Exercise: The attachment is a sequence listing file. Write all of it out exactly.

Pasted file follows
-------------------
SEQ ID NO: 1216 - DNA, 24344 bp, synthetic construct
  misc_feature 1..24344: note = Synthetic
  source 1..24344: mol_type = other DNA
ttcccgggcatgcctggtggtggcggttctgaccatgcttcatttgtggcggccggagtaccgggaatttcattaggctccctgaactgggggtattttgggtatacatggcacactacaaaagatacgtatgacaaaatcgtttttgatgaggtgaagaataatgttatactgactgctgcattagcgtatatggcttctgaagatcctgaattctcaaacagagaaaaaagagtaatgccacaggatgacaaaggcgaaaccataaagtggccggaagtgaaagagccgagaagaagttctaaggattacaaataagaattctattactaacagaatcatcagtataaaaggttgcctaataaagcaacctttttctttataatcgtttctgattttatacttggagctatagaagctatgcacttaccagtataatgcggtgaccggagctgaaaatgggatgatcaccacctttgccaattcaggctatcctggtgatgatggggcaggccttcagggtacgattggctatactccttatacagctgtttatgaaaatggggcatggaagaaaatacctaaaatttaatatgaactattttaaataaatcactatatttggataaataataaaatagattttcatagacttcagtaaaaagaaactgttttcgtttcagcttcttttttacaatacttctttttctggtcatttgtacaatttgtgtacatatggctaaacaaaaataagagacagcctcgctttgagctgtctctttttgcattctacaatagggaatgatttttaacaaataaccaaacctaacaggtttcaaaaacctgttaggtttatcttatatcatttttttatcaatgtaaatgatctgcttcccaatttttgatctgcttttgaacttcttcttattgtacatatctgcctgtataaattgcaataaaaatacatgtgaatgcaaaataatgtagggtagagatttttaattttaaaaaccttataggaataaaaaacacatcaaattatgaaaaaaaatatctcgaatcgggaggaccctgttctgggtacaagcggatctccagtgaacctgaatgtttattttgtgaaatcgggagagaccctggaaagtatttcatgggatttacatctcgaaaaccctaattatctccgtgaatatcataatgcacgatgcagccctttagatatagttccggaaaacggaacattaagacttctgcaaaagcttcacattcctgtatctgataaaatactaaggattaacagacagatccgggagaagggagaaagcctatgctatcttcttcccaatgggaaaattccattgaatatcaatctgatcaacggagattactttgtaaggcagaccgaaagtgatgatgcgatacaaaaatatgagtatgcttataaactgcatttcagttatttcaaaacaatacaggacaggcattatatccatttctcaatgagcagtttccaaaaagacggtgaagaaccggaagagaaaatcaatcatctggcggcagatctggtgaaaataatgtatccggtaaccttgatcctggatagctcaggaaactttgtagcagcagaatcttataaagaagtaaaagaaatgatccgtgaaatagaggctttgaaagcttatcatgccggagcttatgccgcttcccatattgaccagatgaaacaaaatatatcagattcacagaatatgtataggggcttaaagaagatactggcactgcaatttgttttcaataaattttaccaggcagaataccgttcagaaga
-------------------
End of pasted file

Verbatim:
SEQ ID NO: 1216 - DNA, 24344 bp, synthetic construct
  misc_feature 1..24344: note = Synthetic
  source 1..24344: mol_type = other DNA
ttcccgggcatgcctggtggtggcggttctgaccatgcttcatttgtggcggccggagtaccgggaatttcattaggctccctgaactgggggtattttgggtatacatggcacactacaaaagatacgtatgacaaaatcgtttttgatgaggtgaagaataatgttatactgactgctgcattagcgtatatggcttctgaagatcctgaattctcaaacagagaaaaaagagtaatgccacaggatgacaaaggcgaaaccataaagtggccggaagtgaaagagccgagaagaagttctaaggattacaaataagaattctattactaacagaatcatcagtataaaaggttgcctaataaagcaacctttttctttataatcgtttctgattttatacttggagctatagaagctatgcacttaccagtataatgcggtgaccggagctgaaaatgggatgatcaccacctttgccaattcaggctatcctggtgatgatggggcaggccttcagggtacgattggctatactccttatacagctgtttatgaaaatggggcatggaagaaaatacctaaaatttaatatgaactattttaaataaatcactatatttggataaataataaaatagattttcatagacttcagtaaaaagaaactgttttcgtttcagcttcttttttacaatacttctttttctggtcatttgtacaatttgtgtacatatggctaaacaaaaataagagacagcctcgctttgagctgtctctttttgcattctacaatagggaatgatttttaacaaataaccaaacctaacaggtttcaaaaacctgttaggtttatcttatatcatttttttatcaatgtaaatgatctgcttcccaatttttgatctgcttttgaacttcttcttattgtacatatctgcctgtataaattgcaataaaaatacatgtgaatgcaaaataatgtagggtagagatttttaattttaaaaaccttataggaataaaaaacacatcaaattatgaaaaaaaatatctcgaatcgggaggaccctgttctgggtacaagcggatctccagtgaacctgaatgtttattttgtgaaatcgggagagaccctggaaagtatttcatgggatttacatctcgaaaaccctaattatctccgtgaatatcataatgcacgatgcagccctttagatatagttccggaaaacggaacattaagacttctgcaaaagcttcacattcctgtatctgataaaatactaaggattaacagacagatccgggagaagggagaaagcctatgctatcttcttcccaatgggaaaattccattgaatatcaatctgatcaacggagattactttgtaaggcagaccgaaagtgatgatgcgatacaaaaatatgagtatgcttataaactgcatttcagttatttcaaaacaatacaggacaggcattatatccatttctcaatgagcagtttccaaaaagacggtgaagaaccggaagagaaaatcaatcatctggcggcagatctggtgaaaataatgtatccggtaaccttgatcctggatagctcaggaaactttgtagcagcagaatcttataaagaagtaaaagaaatgatccgtgaaatagaggctttgaaagcttatcatgccggagcttatgccgcttcccatattgaccagatgaaacaaaatatatcagattcacagaatatgtataggggcttaaagaagatactggcactgcaatttgttttcaataaattttaccaggcagaataccgttcagaaga